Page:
Sunday, December 10, 2017

Yet Another Sign of a Stronger Labor Market: Increases in Job Leavers and Reentrants

The headline unemployment level remained unchanged at 4.1 percent in November, but a closer look at the underlying data shows signs of increasing strength of the labor market. One such indication is the continued rise in the number of job leavers and reentrants. For slightly different reasons, workers in both categories can be considered voluntarily unemployed, in contrast to job losers, whose unemployment is unambiguously involuntary.

For full details and chart, see my exclusive post on SeekingAlpha.

Monday, December 4, 2017

In Search of the Elusive Effects of the Regulatory State

The Trump administration is at war with the regulatory state. The fight is most intense at the Environmental Protection Agency (EPA), where Administrator Scott Pruitt is reportedly accompanied by armed guards even within the EPA building, but the Departments of Energy, Transportation, Interior and others are doing their bit. The Consumer Financial Protection Bureau is the latest agency to come under attack. Should we cheer all this on?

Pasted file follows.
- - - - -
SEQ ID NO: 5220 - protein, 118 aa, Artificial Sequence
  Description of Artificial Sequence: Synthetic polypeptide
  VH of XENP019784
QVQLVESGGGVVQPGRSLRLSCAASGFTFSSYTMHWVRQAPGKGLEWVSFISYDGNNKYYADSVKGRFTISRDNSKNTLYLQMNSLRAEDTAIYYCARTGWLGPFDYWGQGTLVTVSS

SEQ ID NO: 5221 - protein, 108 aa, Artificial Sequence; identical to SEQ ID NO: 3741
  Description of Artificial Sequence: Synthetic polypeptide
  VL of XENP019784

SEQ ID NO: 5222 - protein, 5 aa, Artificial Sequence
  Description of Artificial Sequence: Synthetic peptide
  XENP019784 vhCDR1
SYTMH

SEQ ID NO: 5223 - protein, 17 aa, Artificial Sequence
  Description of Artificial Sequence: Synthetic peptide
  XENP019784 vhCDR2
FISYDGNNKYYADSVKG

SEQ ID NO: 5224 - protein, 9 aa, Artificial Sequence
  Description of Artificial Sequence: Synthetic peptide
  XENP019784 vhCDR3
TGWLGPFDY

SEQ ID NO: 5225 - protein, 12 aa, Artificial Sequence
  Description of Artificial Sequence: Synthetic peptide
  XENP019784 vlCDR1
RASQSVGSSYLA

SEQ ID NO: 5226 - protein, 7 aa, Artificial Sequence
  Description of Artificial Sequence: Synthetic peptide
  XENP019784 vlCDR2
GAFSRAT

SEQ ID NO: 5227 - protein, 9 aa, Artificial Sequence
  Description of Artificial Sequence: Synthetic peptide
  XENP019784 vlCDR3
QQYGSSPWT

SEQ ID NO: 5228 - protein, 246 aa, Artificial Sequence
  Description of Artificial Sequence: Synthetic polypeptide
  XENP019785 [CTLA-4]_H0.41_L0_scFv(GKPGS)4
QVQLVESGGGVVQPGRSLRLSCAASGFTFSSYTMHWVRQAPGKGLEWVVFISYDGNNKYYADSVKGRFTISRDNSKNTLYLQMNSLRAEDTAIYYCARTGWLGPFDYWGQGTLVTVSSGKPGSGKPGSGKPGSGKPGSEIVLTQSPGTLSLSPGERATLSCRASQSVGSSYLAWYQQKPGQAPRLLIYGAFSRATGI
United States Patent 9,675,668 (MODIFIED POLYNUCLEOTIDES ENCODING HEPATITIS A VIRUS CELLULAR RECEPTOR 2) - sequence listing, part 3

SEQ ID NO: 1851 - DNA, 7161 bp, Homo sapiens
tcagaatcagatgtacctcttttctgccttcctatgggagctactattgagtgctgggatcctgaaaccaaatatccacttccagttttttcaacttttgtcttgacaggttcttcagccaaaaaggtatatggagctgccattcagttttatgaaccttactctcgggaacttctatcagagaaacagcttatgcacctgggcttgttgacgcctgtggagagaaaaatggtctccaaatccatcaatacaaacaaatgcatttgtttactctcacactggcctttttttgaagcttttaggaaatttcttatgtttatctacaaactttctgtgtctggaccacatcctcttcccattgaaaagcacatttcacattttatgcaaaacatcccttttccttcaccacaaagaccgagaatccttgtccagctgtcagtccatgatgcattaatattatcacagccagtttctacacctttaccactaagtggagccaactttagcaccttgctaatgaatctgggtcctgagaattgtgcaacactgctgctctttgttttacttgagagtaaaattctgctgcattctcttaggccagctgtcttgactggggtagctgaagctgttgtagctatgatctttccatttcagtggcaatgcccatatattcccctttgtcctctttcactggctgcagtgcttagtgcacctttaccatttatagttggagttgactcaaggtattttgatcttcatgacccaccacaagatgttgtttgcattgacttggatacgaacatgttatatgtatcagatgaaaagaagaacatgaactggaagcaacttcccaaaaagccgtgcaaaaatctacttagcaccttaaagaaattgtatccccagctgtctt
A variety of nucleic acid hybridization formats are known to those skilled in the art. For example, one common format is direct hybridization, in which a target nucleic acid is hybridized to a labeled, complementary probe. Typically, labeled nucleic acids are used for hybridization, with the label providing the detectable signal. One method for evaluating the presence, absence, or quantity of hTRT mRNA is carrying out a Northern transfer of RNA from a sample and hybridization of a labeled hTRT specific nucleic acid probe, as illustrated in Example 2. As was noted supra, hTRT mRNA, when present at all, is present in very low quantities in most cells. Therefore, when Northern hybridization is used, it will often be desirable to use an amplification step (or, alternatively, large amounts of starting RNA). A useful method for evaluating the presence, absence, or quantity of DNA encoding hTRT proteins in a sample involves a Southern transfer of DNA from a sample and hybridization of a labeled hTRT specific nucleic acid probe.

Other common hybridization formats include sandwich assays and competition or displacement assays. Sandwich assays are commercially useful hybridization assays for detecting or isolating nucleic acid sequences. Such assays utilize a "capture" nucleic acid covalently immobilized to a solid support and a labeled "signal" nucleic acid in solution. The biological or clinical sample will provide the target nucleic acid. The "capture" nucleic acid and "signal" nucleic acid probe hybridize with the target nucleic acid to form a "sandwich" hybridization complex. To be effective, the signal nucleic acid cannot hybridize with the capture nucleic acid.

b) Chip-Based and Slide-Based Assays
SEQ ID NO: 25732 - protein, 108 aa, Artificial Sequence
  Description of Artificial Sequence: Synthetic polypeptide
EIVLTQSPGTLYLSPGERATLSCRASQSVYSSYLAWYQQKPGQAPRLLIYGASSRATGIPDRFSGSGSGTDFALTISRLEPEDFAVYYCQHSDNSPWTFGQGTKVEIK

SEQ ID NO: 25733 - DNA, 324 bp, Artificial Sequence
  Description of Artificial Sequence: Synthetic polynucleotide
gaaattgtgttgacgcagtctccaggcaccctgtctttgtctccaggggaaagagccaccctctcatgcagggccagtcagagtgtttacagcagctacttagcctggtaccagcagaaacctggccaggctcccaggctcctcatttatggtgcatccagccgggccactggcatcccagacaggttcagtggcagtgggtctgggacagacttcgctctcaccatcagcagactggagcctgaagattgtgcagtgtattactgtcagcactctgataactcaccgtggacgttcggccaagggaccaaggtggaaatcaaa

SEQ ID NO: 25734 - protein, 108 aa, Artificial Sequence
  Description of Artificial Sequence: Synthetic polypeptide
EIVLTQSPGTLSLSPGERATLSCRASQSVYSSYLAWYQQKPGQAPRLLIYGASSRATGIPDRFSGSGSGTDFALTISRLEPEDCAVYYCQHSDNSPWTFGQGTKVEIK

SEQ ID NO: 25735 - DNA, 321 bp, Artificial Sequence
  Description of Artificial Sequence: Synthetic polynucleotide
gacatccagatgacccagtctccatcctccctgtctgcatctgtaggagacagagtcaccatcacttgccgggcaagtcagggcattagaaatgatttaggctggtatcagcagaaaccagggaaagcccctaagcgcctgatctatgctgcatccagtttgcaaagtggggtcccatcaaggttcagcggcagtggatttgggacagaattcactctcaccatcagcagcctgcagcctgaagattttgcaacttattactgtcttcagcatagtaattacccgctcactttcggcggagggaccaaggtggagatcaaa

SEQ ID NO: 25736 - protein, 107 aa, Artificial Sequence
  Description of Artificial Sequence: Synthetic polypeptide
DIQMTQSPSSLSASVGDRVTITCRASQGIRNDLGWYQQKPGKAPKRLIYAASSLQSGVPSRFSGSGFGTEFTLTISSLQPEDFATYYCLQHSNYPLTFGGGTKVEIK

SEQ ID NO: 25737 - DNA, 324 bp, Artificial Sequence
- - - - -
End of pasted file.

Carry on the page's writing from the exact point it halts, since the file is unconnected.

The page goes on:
Certainly, the quality of the country’s regulatory regime does matter. As the Niskanen Center’s Will Wilkinson, puts it,
Whether a country’s market economy is free—open, competitive, and relatively unmolested by government — is more a question of regulation than a question of taxation and redistribution. . .

If we want to encourage freedom and prosperity, we should pay more attention to easing the grip of the regulatory state.
Still, before we take an axe, Pruitt-style, to anything that looks like it might be a regulation, it would be nice to have some actual evidence to show the degree to which regulation undermines our freedom and prosperity, and some data to help us prioritize the worst regulations for early excision. The popular indexes of economic freedom from the Heritage Foundation and the Fraser Institute, both of which have components that purport to quantify the regulatory burden, would seem like a good place to look. What follows is a summary of what we can learn from those indicators, and some thoughts about how they might be improved.